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Pat Martino preview: In the Moment

February 19, 2016


“The past doesn’t exist,” says Pat Martino. “The future doesn’t exist. What exists is now.”

Since 1980, when he underwent neurosurgery for a life-threatening brain aneurysm, jazz guitarist Martino’s memories are foggy, sometimes nonexistent. Partly because of this condition, Martino stresses the importance of the present. He insists that his past experiences and future ambitions aren’t so important.

Pat Martino

Pat Martino

Martino’s emphasis on the moment sits at the core of his approach to music.  His music happens in the now, as he and his band members adapt to each other and the changing demands of each particular song. Accordingly, Martino’s Feb 20th Portland Jazz Festival show at the Newmark Theatre will be an exercise in improvisation, in adaption to the moment. “It’s difficult to give a preface to experience,” Martino says. “Improvisation not only takes place in the structure of the music. Improvisation is life itself.”

Last Friday, I talked with Pat Martino. He told me about his musical philosophy, his upcoming concert at the Portland Jazz Festival with organist Pat Bianchi and drummer Carmen Intorre, and his life — or at least what he could remember of it.

What material will you be playing on the 20th

There will be a great amount of original material.  There will also be some beautiful standards. I love some of the beautiful music that’s been left to us.

How will you you decide which songs to play?

So much is left to the moment. We try to make a set list an hour before the show, but it changes as we play. Improvisation is not only taking place in the structure of the music; it’s taking place in life itself.

You’re playing with organist Pat Bianchi and drummer Carmen Intorre on Saturday. Can you describe your musical relationship with them? How do you interact with each other on stage? 

I can’t. That’s like describing the people who are involved in a conversation. It’s so spontaneous, at the moment. There are times when there’s fantastic rapport. There are times when we have to rely on what we’ve done in the past because there is nothing happening that night. It’s adaption to the moment.

Sometimes there’s a disappointment that the music does not manifest in the way you thought it should. When something doesn’t work the way you want it to, it becomes a learning experience, and there’s nothing greater than that.

Looking at your career, it seems that you love to play in a guitar/organ/drums trio. What’s special about this format?

The organ trio has a history of its own, an identity of its own. It demands specific results as a craftsman. There are many things to be considered. The role of the bandleader, though, is objectivity in human interaction. That transcends craftsmanship. Most musicians are focused on the music itself, but bandleaders must direct the social interaction of the group. The craft itself becomes second nature.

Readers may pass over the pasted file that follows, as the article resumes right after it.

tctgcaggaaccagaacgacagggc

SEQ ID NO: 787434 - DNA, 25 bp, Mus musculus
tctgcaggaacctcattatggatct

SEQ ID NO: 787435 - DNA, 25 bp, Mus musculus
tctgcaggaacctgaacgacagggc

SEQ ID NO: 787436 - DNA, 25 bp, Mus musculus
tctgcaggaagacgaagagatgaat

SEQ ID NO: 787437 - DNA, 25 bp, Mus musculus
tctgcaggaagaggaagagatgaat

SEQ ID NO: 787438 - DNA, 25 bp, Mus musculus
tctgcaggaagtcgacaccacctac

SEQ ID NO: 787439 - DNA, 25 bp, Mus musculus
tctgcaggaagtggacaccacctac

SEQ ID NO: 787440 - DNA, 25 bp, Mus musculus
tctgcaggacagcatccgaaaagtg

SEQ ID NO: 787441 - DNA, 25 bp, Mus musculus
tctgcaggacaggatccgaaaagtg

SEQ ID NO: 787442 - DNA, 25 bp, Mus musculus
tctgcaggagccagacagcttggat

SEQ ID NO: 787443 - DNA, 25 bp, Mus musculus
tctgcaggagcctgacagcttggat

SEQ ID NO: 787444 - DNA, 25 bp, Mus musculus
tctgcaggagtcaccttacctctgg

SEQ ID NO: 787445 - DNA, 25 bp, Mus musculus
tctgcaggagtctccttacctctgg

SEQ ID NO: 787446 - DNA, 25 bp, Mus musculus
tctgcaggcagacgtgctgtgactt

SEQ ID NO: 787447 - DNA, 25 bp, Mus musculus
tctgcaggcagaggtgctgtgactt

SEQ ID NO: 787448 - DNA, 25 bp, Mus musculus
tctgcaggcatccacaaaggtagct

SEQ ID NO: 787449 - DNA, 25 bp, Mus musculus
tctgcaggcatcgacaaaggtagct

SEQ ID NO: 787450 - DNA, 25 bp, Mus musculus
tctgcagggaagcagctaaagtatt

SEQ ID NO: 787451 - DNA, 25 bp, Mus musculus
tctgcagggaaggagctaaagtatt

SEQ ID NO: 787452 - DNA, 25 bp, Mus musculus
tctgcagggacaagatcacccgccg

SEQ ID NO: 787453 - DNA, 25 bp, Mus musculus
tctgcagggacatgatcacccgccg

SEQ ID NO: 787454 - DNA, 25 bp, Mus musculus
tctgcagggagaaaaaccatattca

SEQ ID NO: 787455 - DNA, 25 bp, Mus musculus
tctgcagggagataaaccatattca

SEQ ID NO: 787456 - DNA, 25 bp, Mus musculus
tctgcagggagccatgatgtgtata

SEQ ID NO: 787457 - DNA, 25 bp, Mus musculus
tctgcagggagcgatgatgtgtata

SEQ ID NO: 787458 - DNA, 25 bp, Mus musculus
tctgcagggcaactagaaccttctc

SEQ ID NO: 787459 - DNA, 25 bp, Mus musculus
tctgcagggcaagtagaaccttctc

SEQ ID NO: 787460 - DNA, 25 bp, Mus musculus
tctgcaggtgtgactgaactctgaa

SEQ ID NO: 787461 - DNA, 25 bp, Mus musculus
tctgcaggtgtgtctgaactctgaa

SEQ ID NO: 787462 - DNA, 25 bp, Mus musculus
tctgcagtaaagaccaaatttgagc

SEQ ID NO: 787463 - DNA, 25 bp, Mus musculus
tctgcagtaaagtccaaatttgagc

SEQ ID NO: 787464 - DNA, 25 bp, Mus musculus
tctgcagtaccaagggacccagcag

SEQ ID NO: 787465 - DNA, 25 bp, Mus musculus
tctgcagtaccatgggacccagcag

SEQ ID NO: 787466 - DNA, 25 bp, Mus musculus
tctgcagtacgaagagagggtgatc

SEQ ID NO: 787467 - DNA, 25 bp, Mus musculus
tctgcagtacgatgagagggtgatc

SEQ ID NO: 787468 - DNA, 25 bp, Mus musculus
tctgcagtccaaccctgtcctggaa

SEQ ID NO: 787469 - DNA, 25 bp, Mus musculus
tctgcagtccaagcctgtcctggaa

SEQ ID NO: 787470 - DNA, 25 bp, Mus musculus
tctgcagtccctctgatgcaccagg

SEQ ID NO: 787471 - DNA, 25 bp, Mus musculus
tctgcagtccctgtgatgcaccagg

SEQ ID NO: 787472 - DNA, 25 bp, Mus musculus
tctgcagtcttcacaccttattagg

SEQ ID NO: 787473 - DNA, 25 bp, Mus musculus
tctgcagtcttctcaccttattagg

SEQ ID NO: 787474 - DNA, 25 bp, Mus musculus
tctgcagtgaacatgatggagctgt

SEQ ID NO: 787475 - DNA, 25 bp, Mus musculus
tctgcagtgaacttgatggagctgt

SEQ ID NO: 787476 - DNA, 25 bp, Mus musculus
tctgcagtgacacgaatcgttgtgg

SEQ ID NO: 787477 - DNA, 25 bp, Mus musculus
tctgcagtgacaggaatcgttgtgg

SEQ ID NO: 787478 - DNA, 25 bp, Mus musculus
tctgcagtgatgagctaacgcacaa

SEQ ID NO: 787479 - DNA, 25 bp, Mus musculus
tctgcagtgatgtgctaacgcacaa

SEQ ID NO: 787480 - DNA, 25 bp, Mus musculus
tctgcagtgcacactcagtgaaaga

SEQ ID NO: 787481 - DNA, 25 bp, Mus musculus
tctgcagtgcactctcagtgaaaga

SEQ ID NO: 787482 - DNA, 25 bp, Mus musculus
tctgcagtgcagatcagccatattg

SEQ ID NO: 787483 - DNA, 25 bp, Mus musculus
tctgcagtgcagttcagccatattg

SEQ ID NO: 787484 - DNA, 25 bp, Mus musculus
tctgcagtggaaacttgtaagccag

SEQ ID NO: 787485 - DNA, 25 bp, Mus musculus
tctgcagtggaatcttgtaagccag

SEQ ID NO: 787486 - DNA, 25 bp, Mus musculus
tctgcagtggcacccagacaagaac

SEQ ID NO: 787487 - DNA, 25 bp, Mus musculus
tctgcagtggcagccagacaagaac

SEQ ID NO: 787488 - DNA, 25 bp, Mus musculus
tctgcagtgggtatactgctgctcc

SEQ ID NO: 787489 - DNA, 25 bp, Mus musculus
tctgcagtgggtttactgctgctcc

The theme of the Portland Jazz Festival this year is “Celebrating John Coltrane.” How has Trane influenced you? 

I met Trane at the age of 14. At that time I was studying with Dennis Sandole (Philadelphia jazz guitarist, 1913-2000). Trane was studying with him at the same time. I met Trane there, and I also met Benny Golson there, [Coltrane pianist] McCoy Tyner, [Miles Davis bassist] Paul Chambers. There were so many in and out of his studio.

How did Trane influence me? As a human being more than a musician. For a 14 year old to see someone that serious – not just Trane but also Dennis Sandole and the surroundings — I was influenced by his devotion And of course Trane’s accuracy. I was deeply influenced by that.

What other musical experiences shaped you as a person and a musician? 

I have to point out in terms of priority of my life, I’m more focused on the moment. I remember a time when I was influenced by things that had nothing to do with the moment. I was influenced by something not there, not playing. Later on I began to focus more upon reality, on the moment. It’s difficult to be precise to answer some of these questions. The past doesn’t exist. The future doesn’t exist. What exists is now. I’m more influenced by this condition.

That’s how I see Coltrane – as his records stated: A Love Supreme. It’s a focus on the beauty of the moment. That’s a spiritual condition. That’s consciousness.

Pat Martino’s trio appears on a double bill with Kenny Barron at this year’s Portland Jazz Festival on Saturday February 20th at 7:00 pm at Portland’s Newmark Theatre. Tickets are available online.

Charlie Stanford is a writer, teacher, and lapsed jazz guitar prodigy. He grew up in Portland, Or., where he studied music with John Stowell, Dan Balmer, Randy Porter, and Alan Jones. He currently teaches English in Tongyeong, South Korea.

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